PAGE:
The following is an article from the book Uncle John's Canoramic Bathroom Reader.
Playing board games like Scrabble or Risk against a skilled player can be aggravating. Here are a few devious tactics and tips that may help you win (almost) every time.
Tournament players often employ an aggressive strategy at the beginning of their matches. They purchase every property they land on. Then, after a little wheeling and dealing with other players to obtain all the properties of a single color, they start placing houses on their squares. (The cheaper ones first, because funds are typically low early in the game.)
Opinions vary on which properties are landed on the most often, but many swear it’s the orange ones. Buying as many of those as possible should be considered a priority, because the more property you own there, the more you get to collect in rent from the other players. Late in the game, it pays to stay in jail for as long as possible. That way you can collect rent on your properties while you remain safely behind bars, away from your opponents’ rent-earning properties.
(Image credit: Flickr user Andrew Malone)
When setting up your ships at the beginning of the game, it helps to place smaller vessels alongside or beneath larger ones. You should also put at least one ship on the edge of your board, since most players tend to aim for the middle. Another tip: never fire another peg within one space of a miss. This will help reduce your need to randomly guess where your opponent’s ships are hiding by at least half. There’s also the “checkerboard method,” which involves imagining the board with alternating black-and-white squares and firing only on the black ones. Then, once you score a hit, you should fire pegs adjacently until you sink your opponent’s boat.
THE GAME OF LIFE
(Image credit: 松岡明芳)
At the beginning of the game, you should probably go to college. This will help you get a better job and earn a higher salary, although doing so might not help if you don’t land on enough “Pay Day” squares later on. Auto and home insurance can come in handy, but unless you’re really unlucky, you’ll be throwing away your hard-earned play money. Instead, invest in stocks. If you land on a “Lucky Day” square, you should always gamble instead of keeping the initial jackpot— the chances of winning are around 5 to 1.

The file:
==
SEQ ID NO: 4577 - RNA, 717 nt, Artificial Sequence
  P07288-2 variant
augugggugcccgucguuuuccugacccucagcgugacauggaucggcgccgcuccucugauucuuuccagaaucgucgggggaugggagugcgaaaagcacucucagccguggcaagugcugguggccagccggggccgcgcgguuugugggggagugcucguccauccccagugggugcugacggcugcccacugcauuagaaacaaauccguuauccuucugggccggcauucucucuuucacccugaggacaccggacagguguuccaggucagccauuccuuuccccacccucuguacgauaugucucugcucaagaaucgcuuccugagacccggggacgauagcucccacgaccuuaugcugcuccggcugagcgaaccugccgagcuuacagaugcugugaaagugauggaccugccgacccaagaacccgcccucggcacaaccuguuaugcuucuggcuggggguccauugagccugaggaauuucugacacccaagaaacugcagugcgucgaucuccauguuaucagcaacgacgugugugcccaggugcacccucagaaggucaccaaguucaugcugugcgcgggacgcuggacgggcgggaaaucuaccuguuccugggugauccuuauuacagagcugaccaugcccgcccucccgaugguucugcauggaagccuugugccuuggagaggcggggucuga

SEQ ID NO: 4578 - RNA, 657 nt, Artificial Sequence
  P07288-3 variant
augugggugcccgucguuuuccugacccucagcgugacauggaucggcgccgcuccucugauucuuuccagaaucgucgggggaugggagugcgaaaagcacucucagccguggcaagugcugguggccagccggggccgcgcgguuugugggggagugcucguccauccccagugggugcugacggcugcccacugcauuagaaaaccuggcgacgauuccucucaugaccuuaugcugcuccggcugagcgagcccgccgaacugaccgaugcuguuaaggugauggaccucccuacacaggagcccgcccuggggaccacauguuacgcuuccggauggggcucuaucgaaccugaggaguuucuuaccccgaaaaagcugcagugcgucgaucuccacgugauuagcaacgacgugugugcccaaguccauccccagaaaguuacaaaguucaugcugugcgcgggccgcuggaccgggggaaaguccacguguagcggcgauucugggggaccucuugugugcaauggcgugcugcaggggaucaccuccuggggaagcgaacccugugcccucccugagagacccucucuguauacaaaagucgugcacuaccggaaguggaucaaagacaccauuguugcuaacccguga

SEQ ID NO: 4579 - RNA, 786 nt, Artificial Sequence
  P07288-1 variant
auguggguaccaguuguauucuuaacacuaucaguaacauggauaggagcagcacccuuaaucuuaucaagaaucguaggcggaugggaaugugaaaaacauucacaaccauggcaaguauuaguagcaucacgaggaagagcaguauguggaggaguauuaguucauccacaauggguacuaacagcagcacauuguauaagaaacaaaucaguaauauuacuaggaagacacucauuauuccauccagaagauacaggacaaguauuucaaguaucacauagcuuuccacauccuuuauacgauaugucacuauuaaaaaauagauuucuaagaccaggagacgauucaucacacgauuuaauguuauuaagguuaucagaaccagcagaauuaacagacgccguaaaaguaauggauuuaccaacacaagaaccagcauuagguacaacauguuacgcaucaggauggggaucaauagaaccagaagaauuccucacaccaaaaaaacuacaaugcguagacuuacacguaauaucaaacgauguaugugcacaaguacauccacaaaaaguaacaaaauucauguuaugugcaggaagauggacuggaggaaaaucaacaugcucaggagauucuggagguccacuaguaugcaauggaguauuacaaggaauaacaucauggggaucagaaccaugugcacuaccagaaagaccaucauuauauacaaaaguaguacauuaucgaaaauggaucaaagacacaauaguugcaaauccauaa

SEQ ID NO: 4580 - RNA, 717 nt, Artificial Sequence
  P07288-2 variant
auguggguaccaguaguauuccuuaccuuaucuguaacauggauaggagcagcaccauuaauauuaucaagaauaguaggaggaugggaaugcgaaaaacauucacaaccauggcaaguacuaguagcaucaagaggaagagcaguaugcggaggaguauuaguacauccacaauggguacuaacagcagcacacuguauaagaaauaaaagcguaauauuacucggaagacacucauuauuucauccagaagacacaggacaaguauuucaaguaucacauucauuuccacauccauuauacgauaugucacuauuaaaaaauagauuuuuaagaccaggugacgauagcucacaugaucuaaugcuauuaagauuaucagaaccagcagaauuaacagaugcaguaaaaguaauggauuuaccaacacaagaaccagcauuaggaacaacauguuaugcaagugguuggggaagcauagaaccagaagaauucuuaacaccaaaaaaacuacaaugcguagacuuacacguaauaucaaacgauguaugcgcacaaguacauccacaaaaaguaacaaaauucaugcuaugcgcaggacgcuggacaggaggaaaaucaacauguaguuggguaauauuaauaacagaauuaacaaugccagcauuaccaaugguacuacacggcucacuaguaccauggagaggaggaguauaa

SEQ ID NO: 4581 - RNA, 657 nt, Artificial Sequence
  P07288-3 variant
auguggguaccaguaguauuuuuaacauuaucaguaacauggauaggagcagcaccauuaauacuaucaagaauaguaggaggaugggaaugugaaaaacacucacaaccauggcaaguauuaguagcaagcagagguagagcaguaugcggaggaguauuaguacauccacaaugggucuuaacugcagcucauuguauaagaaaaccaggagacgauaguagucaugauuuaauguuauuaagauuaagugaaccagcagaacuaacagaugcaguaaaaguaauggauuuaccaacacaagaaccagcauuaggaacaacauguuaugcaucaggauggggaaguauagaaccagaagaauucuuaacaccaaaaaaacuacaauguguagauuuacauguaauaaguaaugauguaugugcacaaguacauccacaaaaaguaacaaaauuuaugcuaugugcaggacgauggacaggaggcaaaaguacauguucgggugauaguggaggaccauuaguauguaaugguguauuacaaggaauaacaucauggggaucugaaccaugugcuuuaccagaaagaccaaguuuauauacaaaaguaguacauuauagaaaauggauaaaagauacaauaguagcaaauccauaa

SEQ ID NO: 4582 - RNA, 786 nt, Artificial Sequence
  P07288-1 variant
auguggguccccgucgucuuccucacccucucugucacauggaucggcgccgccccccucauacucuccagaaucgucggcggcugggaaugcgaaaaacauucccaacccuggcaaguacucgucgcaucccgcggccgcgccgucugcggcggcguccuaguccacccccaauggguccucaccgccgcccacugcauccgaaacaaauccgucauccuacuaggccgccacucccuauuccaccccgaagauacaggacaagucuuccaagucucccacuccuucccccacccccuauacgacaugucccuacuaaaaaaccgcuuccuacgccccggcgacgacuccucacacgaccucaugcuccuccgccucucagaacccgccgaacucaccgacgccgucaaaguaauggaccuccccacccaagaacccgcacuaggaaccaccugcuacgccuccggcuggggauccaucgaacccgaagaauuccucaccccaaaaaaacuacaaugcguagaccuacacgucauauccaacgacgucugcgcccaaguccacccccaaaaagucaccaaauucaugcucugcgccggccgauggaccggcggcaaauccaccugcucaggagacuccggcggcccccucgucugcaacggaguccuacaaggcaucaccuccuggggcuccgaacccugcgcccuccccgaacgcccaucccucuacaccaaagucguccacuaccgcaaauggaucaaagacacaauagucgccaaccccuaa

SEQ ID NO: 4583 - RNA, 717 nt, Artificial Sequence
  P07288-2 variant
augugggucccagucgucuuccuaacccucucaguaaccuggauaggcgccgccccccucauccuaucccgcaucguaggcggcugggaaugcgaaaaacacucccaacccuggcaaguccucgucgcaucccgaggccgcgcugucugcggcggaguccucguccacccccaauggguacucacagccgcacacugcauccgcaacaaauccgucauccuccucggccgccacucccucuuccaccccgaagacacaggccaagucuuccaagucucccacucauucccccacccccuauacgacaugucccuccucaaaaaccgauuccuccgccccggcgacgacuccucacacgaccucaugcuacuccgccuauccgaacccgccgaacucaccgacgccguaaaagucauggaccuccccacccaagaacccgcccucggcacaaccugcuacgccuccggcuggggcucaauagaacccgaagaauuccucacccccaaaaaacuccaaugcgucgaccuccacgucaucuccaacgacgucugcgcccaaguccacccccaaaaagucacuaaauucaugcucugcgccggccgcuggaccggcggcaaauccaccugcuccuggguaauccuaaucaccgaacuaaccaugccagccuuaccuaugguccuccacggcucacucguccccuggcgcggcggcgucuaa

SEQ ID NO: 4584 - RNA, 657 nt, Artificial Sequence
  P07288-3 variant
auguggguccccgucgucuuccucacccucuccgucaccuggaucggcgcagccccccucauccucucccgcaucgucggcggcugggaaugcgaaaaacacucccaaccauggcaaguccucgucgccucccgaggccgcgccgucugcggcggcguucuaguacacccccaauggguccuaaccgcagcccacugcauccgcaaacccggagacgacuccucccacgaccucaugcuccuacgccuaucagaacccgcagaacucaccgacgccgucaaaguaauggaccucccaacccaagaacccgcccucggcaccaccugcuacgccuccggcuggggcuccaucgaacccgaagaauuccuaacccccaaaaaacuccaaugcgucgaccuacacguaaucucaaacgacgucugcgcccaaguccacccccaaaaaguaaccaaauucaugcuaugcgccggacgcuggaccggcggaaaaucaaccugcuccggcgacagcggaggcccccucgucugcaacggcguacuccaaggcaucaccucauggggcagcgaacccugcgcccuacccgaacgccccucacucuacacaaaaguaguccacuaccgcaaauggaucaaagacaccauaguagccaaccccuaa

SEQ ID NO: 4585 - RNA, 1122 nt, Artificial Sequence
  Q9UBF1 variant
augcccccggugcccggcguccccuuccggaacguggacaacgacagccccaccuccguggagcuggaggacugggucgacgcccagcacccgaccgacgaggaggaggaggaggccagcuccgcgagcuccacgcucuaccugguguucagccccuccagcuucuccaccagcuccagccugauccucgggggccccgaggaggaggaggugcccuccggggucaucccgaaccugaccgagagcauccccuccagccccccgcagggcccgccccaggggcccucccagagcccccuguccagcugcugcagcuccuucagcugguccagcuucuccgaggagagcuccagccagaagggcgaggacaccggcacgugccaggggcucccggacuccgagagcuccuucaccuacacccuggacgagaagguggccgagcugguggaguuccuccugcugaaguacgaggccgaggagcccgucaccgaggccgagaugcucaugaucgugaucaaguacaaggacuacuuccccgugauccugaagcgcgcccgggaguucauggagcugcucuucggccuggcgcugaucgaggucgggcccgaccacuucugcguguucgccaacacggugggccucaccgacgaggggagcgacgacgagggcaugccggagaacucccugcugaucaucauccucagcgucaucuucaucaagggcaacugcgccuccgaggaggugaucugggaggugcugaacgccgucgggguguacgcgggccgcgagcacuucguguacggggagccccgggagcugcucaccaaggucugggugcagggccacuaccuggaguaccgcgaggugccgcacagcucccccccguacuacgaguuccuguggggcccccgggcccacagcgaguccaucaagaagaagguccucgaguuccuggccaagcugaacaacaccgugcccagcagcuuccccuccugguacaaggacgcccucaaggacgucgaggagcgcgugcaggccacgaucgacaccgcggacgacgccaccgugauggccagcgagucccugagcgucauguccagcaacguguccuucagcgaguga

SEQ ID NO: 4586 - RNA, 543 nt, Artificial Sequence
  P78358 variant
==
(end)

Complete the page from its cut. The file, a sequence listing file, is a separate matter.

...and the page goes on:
(Image credit: The NeatoShop)
You don’t need a huge vocabulary to win at Scrabble, but it does help to know a lot of the obscure, two-letter words to use late in the game where there isn’t a lot of space available for longer words. First, there’s “za.” Definition: “pizza.” “Qi” is another simple but powerful word. (It means “life force.”) And don’t be afraid to swap out all your letters if you wind up with a tray full of lousy ones. Yes, you lose a turn, but it will likely aid you in the long run. Another key tactic: play defensively. Don’t create words that will allow your opponents to capitalize on the triple-letter or triple-word squares. Oh, and there’s one more word you should memorize: “oxyphenbutazone.” It’s an anti-inflammatory drug, and, theoretically, the highest-scoring word possible in Scrabble. It could earn as many as 1,778 points.
(Image credit: Jorge Royan)
Since the late 1950s, the “Game of Global Domination” has brought out the power-hungry dictator in millions. If full-scale warfare isn’t your forte, follow these tips the next time you play, and end the game quickly. At the game’s outset, focus on taking over every territory in Australia and South America— two remote continents that are easy to defend— as quickly as possible. This will earn you some “continent bonuses” that will significantly boost the number of armies at your disposal. Then allow several turns to pass while your opponents attack each other.
Once your forces grow big enough, launch your own invasions. It goes without saying that when you attack a territory, do so with as many armies as possible. Why? Because if you win the battle with just a few armies, you probably won’t have enough left to protect the territory you invaded. Also, learn a lesson from Napoleon: don’t attempt to invade both Europe and Asia at the same time.
The article above is reprinted with permission from Uncle John's Canoramic Bathroom Reader. The latest annual edition of Uncle John’s wildly successful series features fascinating history, silly science, and obscure origins, plus fads, blunders, wordplay, quotes, and a few surprises
Since 1988, the Bathroom Reader Institute had published a series of popular books containing irresistible bits of trivia and obscure yet fascinating facts. If you like Neatorama, you'll love the Bathroom Reader Institute's books - go ahead and check 'em out!